Some months ago I had one of my feather-brained ideas. I wanted chickens. In the garden. In my terraced house in Birmingham. Madness, and pretty much dismissed as such by The Bloke. Then we went to Gardeners’ World. And guess what, we saw the Eglu, suitable for gardens, even those attached to terraced houses in cities, and suddenly, it was The Bloke’s feather-brained idea!
I asked a few questions of my chicken-mad friend and soon decided that an Eglu wasn’t the way forward: I’d get more for my money looking for a wooden coop and buying the hens locally. So, the search for a coop began (cue hours of ebay-ing) and we purchased a cute little house for three girlies.
My chicken mad friend had already found me a local breeder, namely Ollie’s Chirpy Chickens near Solihull, so we got in touch and arranged to go over and have a look. I was so excited on Saturday morning that I could probably have laid an egg myself, and it didn’t take us long to choose three chooks. Our first choice was Emily, a tiny little white hen. Then we picked out Anne, a lovely little red ranger, reminiscent of the hen in the story who sensibly gathered the grains of wheat to make bread. Our third and final choice was Charlotte, a fabulous Cou Cou or Cuckoo Maran, who was already laying. The girls had their wings clipped and we bundled them into a cardboard box to bring them home.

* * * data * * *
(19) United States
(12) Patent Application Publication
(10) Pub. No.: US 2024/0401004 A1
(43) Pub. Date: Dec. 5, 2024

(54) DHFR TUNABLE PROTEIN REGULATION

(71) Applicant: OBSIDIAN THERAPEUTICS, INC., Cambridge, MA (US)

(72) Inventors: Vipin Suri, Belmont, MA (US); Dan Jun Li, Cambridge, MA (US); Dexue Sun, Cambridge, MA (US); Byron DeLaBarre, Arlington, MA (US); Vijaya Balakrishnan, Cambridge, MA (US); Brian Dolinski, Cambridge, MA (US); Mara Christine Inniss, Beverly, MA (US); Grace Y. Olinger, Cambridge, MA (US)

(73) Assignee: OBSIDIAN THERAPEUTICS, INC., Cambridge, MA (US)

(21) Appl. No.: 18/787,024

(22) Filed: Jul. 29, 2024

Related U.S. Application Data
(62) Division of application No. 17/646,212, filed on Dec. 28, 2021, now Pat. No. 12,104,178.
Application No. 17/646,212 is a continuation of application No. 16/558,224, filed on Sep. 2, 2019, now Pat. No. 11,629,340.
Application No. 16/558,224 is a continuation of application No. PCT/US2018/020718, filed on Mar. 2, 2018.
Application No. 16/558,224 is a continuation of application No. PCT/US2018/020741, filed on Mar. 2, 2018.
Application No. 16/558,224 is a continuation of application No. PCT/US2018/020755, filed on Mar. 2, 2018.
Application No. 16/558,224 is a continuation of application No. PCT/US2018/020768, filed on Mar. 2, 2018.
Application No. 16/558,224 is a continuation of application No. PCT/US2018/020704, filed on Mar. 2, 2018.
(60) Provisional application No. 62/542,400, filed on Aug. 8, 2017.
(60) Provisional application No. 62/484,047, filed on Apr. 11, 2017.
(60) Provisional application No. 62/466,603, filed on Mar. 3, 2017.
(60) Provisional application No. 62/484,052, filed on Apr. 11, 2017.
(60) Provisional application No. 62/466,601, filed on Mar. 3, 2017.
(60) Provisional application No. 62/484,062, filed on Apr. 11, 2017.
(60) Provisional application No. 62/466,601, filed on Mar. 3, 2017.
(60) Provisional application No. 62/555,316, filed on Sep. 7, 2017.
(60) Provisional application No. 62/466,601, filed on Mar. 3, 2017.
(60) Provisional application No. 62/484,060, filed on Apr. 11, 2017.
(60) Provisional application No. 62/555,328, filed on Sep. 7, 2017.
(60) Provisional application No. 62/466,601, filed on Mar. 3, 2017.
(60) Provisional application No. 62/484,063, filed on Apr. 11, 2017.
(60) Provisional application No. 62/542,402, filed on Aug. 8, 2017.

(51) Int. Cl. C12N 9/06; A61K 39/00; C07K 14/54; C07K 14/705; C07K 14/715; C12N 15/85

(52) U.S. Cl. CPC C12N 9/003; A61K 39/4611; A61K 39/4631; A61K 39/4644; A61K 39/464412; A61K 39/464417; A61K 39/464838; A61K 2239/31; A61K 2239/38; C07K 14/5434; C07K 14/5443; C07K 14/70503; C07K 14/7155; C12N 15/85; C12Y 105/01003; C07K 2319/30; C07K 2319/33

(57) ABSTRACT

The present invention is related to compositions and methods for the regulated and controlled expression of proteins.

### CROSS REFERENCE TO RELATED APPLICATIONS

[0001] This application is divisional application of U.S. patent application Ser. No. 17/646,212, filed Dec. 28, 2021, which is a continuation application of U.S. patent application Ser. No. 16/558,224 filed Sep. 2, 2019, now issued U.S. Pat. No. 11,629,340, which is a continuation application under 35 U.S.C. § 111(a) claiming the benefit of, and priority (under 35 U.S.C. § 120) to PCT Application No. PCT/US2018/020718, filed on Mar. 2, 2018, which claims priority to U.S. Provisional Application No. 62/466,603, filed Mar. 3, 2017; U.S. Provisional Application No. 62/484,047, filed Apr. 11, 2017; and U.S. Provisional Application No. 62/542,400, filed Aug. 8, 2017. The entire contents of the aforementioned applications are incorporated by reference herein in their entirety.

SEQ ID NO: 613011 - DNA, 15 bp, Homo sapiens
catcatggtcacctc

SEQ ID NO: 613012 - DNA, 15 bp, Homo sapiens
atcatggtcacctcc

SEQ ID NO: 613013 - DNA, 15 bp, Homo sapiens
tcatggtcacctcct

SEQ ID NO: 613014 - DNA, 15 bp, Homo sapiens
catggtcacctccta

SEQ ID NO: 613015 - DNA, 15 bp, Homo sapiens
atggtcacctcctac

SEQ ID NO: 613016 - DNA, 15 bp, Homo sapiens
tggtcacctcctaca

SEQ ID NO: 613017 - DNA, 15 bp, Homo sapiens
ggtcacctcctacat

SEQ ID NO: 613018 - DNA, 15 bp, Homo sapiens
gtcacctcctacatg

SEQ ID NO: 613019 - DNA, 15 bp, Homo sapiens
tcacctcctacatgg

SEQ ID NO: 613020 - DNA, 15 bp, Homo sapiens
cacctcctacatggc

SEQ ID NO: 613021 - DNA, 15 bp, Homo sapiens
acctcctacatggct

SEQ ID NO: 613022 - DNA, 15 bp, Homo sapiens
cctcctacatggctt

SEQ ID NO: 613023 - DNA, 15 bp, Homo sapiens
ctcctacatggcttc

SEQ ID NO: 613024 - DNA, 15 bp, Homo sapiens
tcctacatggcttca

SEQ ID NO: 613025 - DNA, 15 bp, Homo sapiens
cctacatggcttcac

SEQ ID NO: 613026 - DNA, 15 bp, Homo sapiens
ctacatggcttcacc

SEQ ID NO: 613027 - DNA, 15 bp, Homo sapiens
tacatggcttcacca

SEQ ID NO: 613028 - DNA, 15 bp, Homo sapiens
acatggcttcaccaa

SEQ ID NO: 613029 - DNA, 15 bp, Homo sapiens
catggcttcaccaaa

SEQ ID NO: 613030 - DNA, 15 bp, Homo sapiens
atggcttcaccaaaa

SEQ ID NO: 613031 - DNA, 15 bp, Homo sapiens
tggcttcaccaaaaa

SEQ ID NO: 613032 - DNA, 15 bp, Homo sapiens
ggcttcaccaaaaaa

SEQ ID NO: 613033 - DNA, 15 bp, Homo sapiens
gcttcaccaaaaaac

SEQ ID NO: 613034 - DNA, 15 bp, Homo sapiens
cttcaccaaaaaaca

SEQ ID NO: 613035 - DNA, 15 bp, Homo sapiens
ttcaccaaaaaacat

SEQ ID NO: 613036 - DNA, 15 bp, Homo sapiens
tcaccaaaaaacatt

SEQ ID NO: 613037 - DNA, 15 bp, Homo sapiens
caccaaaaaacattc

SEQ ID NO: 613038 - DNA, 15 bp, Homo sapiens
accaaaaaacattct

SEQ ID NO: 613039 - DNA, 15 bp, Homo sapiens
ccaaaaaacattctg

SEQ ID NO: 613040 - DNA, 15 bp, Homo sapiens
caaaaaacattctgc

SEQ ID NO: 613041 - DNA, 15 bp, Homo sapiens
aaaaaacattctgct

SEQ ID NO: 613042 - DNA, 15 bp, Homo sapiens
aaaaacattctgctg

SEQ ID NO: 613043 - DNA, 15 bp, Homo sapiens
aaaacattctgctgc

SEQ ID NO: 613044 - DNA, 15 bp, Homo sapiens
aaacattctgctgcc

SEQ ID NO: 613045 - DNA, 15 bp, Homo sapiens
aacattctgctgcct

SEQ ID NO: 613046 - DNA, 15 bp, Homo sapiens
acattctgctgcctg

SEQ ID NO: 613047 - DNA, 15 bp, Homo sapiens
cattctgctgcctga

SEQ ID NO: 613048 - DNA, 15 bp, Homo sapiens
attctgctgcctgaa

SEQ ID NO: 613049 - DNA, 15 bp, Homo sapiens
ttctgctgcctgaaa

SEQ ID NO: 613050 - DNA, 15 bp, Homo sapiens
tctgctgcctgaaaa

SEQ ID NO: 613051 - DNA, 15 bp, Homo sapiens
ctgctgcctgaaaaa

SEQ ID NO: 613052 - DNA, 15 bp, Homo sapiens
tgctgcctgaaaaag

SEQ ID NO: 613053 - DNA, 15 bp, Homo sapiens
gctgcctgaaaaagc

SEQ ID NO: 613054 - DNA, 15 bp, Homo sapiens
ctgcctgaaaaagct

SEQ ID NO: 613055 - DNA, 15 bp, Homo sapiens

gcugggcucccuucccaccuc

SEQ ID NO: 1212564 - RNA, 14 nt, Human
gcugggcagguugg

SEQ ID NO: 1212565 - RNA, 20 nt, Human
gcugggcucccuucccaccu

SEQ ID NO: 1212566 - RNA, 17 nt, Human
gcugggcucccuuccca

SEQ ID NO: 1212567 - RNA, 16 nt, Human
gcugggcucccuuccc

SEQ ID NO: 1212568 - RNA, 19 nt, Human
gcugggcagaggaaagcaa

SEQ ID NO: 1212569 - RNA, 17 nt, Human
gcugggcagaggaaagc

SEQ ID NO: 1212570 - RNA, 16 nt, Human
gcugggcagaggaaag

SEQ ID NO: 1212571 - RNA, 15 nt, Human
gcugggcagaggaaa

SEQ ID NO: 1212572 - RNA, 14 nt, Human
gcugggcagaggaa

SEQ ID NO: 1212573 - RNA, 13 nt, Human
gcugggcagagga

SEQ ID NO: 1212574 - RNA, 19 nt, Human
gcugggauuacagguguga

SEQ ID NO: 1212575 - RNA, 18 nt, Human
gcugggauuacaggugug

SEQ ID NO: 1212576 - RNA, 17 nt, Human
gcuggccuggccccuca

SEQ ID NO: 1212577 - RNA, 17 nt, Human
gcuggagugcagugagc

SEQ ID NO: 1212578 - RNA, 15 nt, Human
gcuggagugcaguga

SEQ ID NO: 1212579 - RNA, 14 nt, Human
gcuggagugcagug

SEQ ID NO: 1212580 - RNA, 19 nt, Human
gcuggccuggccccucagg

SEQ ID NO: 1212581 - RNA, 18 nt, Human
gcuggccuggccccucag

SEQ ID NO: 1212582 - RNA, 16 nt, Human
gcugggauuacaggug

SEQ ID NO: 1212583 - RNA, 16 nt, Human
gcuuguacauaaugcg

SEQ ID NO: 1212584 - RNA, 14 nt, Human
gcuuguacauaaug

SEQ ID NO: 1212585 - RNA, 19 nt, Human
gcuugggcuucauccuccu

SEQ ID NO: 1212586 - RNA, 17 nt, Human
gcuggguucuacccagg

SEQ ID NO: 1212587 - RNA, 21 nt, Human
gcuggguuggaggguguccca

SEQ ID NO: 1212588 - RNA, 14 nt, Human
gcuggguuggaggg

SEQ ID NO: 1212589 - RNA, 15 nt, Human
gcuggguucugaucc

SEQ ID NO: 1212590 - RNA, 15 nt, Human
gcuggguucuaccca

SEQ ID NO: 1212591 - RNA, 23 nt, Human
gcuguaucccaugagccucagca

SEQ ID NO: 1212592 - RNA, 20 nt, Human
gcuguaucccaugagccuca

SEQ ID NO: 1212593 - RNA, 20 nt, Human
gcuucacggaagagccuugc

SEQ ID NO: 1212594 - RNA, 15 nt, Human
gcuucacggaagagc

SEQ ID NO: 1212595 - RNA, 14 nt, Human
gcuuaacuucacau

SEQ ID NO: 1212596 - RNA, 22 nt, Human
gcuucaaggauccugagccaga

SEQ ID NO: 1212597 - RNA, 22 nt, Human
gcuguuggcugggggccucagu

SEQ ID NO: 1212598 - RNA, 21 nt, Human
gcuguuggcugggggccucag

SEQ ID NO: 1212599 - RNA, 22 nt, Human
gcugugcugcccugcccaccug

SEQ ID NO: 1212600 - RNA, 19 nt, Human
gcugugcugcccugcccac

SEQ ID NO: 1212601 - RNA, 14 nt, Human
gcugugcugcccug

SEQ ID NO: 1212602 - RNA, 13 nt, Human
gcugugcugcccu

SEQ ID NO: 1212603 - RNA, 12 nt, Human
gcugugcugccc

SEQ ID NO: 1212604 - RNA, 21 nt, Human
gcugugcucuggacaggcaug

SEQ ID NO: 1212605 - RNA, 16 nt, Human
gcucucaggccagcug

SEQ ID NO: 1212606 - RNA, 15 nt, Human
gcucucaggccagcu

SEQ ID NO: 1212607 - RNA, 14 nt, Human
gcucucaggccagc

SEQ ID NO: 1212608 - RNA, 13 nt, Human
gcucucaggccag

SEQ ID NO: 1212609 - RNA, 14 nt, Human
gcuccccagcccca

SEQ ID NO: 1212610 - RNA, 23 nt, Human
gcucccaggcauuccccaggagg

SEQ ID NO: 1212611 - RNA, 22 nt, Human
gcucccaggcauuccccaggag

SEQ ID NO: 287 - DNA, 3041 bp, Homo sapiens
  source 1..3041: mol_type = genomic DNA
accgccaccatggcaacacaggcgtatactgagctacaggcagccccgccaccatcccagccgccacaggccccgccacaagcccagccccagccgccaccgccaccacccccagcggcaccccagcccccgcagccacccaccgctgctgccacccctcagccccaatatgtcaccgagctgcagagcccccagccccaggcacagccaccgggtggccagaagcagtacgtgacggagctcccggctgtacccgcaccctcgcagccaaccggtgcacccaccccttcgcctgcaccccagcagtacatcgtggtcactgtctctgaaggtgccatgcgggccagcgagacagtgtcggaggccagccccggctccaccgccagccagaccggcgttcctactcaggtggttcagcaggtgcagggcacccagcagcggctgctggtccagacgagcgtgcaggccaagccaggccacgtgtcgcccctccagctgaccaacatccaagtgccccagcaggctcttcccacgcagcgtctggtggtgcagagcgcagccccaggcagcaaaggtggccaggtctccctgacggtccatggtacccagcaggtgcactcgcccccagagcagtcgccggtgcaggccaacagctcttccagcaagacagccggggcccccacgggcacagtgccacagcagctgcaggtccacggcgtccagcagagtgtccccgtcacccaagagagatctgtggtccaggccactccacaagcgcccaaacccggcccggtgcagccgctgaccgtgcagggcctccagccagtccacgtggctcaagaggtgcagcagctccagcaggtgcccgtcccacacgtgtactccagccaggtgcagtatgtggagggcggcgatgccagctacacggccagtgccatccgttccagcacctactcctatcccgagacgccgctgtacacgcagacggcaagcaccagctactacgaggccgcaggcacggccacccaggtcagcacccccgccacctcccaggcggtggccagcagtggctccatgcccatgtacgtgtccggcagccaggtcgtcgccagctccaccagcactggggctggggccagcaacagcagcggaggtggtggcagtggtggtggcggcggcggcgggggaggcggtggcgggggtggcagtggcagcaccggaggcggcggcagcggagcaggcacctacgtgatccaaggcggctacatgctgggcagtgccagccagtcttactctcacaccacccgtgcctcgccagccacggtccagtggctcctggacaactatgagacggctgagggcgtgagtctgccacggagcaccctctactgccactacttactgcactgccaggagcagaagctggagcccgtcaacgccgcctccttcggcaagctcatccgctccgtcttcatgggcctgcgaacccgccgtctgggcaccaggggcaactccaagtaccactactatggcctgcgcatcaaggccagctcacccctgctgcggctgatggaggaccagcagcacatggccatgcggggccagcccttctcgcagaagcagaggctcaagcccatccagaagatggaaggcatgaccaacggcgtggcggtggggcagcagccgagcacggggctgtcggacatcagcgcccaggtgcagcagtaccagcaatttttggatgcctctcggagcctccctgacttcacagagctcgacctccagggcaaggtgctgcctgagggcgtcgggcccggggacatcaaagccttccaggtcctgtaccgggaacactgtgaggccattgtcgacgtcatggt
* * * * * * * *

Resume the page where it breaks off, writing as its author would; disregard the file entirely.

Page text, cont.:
It didn’t take long for the girls to explore their new home and to start tucking into pellets and treats, and I was delighted. It soon became apparent, however, that the fight to establish pecking order wasn’t going to be easy. Emily started to hide in corners and to dash into the coop whenever Charlotte was near her (or out of the coop if Charlotte followed her in there, which she did). We knew this would take some time (because I’d researched carefully before I got the girls) but this was worrying me a little, and I vowed to watch them carefully.